The Morton Street Slasher has been leaving the corpses of his victims around San Francisco's Union Square. On the women's naked bodies are spade playing cards. The city's infamous newspaperman, Ambrose Bierce, blames the rash of murders on his old enemy, the Southern Pacific Railroad. A naive reporter at Bierce's Hornet pursues the case, uncovering conspiracy at every turn. In a fast-paced novel that is a combination of murder mystery, historical fiction, and quirky biography, Oakley Hall draws the reader into 1880s San Francisco and the changing world that was California in the latter part of the nineteenth century. Local and state politics, the exploitation of the Chinese, the power of the mining and railroad barons, and San Francisco's colorful history provide a backdrop for this irresistible thriller. The novel's chapters are introduced by appropriate excerpts from Bierce's The Devil's Dictionary and narrated by the young reporter Tom Redmond. Redmond is interested in the murders because of his attraction to a woman threatened by the Slasher, and Bierce encourages him because of his personal vendetta against the Big Four of the Railroad.
Bierce's misogyny is an influence as well, which Hall uses to advantage in portraying the enigmatic journalist. Hall knows his territory and his characters well. The sights and smells of late-nineteenth-century California are cleverly evoked, and the story's key players are refreshingly authentic. Bierce brandishes his famed cynicism with all the aplomb of the sharp-eyed, sharp-witted newspaperman he was. Cameo appearances by such California worthies as Ina Coolbrith and Joaquin Miller add to the novel's historical richness. Intelligent, gripping, and often quite funny, Ambrose Bierce and the Queen of Spades will satisfy any reader who craves adventure, mystery, romance, and fine writing.
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(229mm x 152mm x 22mm)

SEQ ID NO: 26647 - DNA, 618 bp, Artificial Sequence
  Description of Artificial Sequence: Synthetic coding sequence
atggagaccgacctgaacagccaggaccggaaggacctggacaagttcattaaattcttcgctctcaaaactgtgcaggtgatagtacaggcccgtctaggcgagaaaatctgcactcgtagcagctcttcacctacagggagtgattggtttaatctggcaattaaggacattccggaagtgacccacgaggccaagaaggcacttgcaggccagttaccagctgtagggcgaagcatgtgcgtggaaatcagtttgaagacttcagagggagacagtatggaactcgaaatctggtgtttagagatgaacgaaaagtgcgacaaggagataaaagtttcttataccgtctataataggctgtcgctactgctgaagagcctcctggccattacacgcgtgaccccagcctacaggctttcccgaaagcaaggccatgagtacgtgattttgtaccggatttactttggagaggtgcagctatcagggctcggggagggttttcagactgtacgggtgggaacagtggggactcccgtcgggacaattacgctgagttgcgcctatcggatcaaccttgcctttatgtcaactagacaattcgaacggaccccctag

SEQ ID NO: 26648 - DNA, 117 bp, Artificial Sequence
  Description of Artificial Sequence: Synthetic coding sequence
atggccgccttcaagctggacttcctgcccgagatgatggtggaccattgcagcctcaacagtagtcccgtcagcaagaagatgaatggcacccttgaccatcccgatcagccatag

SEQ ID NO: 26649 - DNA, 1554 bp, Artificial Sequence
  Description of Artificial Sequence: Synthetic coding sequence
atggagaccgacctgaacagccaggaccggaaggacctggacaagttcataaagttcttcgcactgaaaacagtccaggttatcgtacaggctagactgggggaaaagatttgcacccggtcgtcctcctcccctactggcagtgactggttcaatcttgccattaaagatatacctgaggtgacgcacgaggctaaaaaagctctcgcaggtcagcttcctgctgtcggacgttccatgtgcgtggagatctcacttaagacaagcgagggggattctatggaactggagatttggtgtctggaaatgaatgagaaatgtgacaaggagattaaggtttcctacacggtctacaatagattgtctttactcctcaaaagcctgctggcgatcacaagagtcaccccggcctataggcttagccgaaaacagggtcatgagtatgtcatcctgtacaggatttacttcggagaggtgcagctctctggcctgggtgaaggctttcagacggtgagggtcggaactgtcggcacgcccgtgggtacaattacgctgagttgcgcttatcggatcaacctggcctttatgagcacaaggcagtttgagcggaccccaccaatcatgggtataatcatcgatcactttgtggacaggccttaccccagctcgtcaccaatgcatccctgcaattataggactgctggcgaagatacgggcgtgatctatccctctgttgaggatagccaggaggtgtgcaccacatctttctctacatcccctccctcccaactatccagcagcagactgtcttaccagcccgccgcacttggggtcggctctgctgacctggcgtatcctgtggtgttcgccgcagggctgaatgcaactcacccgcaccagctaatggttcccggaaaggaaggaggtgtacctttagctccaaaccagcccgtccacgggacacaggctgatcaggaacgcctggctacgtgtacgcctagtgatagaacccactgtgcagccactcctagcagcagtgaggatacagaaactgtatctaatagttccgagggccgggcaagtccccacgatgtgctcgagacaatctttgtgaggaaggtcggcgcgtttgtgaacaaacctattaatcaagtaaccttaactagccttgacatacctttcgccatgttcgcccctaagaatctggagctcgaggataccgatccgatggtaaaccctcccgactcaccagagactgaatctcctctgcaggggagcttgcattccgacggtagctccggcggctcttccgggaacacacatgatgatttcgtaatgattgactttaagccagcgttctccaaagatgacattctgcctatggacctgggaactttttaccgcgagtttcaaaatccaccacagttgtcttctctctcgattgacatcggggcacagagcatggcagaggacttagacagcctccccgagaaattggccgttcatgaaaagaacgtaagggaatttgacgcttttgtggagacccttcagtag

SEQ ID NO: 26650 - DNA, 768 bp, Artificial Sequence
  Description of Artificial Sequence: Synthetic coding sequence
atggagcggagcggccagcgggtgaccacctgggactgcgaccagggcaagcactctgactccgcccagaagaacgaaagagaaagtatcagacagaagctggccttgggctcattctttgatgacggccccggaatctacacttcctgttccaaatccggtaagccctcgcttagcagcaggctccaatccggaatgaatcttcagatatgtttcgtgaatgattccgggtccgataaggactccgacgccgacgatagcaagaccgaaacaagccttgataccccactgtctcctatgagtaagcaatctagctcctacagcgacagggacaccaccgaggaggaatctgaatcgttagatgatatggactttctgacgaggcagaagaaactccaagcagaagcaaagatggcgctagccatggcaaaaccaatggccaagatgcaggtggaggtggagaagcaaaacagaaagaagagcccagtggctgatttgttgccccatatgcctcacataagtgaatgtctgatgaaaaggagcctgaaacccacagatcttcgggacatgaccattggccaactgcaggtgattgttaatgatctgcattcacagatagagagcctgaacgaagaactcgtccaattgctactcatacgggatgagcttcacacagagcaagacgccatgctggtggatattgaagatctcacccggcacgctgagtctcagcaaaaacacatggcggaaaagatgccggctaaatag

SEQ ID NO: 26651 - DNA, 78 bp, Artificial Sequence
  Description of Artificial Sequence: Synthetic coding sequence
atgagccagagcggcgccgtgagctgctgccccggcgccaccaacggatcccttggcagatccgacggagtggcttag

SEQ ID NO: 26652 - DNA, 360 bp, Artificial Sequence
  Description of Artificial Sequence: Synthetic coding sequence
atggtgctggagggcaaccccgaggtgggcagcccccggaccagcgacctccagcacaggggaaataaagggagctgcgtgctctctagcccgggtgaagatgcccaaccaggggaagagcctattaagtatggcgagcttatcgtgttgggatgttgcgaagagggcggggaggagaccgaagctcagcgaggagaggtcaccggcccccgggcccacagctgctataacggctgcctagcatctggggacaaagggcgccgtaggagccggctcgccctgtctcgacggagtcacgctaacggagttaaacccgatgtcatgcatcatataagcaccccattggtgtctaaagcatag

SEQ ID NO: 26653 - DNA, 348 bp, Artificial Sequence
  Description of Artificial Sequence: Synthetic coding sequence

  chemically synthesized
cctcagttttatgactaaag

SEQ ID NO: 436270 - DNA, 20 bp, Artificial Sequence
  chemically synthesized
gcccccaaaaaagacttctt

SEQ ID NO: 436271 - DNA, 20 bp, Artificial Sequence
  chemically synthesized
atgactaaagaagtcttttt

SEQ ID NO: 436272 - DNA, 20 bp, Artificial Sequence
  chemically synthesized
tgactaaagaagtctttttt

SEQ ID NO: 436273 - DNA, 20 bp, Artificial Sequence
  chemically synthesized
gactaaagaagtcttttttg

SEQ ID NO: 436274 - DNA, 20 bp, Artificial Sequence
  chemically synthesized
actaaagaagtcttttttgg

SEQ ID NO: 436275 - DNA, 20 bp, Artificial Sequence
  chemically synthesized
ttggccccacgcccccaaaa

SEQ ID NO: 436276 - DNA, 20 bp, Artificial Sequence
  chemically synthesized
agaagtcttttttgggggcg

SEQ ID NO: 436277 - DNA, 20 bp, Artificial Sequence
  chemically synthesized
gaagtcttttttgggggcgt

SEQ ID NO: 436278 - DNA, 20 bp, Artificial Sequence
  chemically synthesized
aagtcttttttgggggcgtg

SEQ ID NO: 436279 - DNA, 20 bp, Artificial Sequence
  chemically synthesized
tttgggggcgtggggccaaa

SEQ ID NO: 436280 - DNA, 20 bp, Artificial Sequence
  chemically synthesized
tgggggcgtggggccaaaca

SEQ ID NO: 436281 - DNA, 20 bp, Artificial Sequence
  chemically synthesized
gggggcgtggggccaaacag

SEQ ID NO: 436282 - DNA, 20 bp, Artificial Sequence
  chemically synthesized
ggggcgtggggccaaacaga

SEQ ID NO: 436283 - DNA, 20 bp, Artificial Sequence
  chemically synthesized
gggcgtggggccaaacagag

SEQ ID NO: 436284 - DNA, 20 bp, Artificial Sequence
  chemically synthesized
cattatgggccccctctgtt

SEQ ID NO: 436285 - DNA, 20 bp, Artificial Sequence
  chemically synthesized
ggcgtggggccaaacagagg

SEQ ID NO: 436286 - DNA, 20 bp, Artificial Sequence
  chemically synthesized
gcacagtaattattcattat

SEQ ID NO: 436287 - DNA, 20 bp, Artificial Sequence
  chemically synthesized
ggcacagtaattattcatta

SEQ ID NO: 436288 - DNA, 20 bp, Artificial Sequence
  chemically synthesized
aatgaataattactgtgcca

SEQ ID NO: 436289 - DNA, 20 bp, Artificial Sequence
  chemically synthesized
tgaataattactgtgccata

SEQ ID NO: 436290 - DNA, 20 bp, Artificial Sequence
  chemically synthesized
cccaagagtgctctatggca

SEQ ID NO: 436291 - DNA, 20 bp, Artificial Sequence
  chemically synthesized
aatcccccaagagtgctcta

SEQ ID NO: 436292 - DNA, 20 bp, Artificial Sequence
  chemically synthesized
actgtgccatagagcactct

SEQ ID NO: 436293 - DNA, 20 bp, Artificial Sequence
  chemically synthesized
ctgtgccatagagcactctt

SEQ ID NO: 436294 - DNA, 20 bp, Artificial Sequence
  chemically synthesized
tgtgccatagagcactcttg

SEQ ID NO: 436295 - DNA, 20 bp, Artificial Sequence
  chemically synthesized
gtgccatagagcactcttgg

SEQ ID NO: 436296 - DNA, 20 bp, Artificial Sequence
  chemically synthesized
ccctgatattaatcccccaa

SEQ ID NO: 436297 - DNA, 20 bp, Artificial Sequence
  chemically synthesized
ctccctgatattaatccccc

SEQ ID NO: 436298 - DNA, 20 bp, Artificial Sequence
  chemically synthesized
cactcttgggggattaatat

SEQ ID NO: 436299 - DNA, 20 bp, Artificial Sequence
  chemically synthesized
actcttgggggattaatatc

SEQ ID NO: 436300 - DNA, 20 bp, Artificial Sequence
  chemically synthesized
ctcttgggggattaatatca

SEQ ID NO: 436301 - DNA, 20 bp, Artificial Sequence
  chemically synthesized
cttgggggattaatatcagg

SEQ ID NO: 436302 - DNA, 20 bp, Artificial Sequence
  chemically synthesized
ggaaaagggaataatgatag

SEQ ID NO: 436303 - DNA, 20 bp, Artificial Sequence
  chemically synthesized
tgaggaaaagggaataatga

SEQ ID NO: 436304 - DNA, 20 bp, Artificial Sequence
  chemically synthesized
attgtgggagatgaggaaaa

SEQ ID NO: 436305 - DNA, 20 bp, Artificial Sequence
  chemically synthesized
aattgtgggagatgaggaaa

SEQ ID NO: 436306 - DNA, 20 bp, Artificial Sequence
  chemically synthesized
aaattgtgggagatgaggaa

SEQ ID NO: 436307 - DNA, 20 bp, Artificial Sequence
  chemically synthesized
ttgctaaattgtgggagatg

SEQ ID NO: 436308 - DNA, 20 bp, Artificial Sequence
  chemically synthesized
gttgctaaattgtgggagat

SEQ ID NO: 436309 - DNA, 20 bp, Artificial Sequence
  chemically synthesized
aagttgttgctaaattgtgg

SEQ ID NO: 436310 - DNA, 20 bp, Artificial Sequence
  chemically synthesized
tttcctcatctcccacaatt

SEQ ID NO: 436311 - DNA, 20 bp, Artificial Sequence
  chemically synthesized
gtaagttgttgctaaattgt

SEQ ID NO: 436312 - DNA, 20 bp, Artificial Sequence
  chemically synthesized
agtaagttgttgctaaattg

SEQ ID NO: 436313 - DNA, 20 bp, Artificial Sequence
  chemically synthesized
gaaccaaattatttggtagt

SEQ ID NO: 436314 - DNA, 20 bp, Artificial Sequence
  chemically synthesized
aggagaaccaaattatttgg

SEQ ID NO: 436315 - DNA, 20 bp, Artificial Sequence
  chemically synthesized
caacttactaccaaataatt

University of California Press
Publisher: University of California Press
Country of Publication:
US Kirkus Review »
The veteran author of such high-spirited realistic romances as The Bad Lands (1978), among others, moves in on Caleb Cart's territory with this colorful historical picaresque. Hall's agreeable hero (and narrator) is 20ish Tom Redmond, an "apprentice journalist" working (in the early 1800s) for a San Francisco "satirical weekly" (The Hornet) who's the wary protege of celebrated writer and misanthrope Ambrose Bierce. Tom's education moves into overdrive when Bierce's interest is piqued by a series of vicious murders of women, whose bodies are left decorated by playing cards (all spades). The cub reporter's tentative research leads to the discovery of a complex stock fraud that points - despite Bierce's antimonopolistic suspicions (he believes the Southern Pacific Railroad guilty of everything) - to a mysterious cooperative: "the Society of Spades in Virginia City [Nevada], which was convened in order to purchase the Jack of Spades Mine." But that's only the beginning, in a beautifully paced thriller that also involves senatorial duplicity, a high-profile divorce, a bizarre case of concealed parentage that must have Wilkie Collins spinning in his grave with envy, and such deliciously devious supporting characters as procuress (and reported black magician) Mammy Pleasant, suspicious Chief of Detectives Isaiah Pusey, and "Highgrade Carrie" Steams, "the Miners' Angel" (in more than one sense). Torn weathers all the storms more than manfully - even if it seems he'll never win the plucky Amelia Brittain. And Hall has the admirable good sense to surrender generous swatches of the narrative to "Bitter Bierce," who declares himself "the sworn enemy of piffle," not to mention Southern Pacific, organized religion, "femininnies," and mogul "(UKP)eland $tanford," among numerous others. And how can you dislike a curmudgeon capable of such invective as "This murderer's adiposity is casting a shadow on my eggs that I fear will turn them rancid"? Superlative entertainment. Has Oakley Hall really been this good all along, and if so why isn't his fiction better known? (Kirkus Reviews)
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Author Biography - Oakley Hall
Oakley Hall is the author of twenty works of fiction, including Warlock (1958) and Separations (1997). He lives in San Francisco.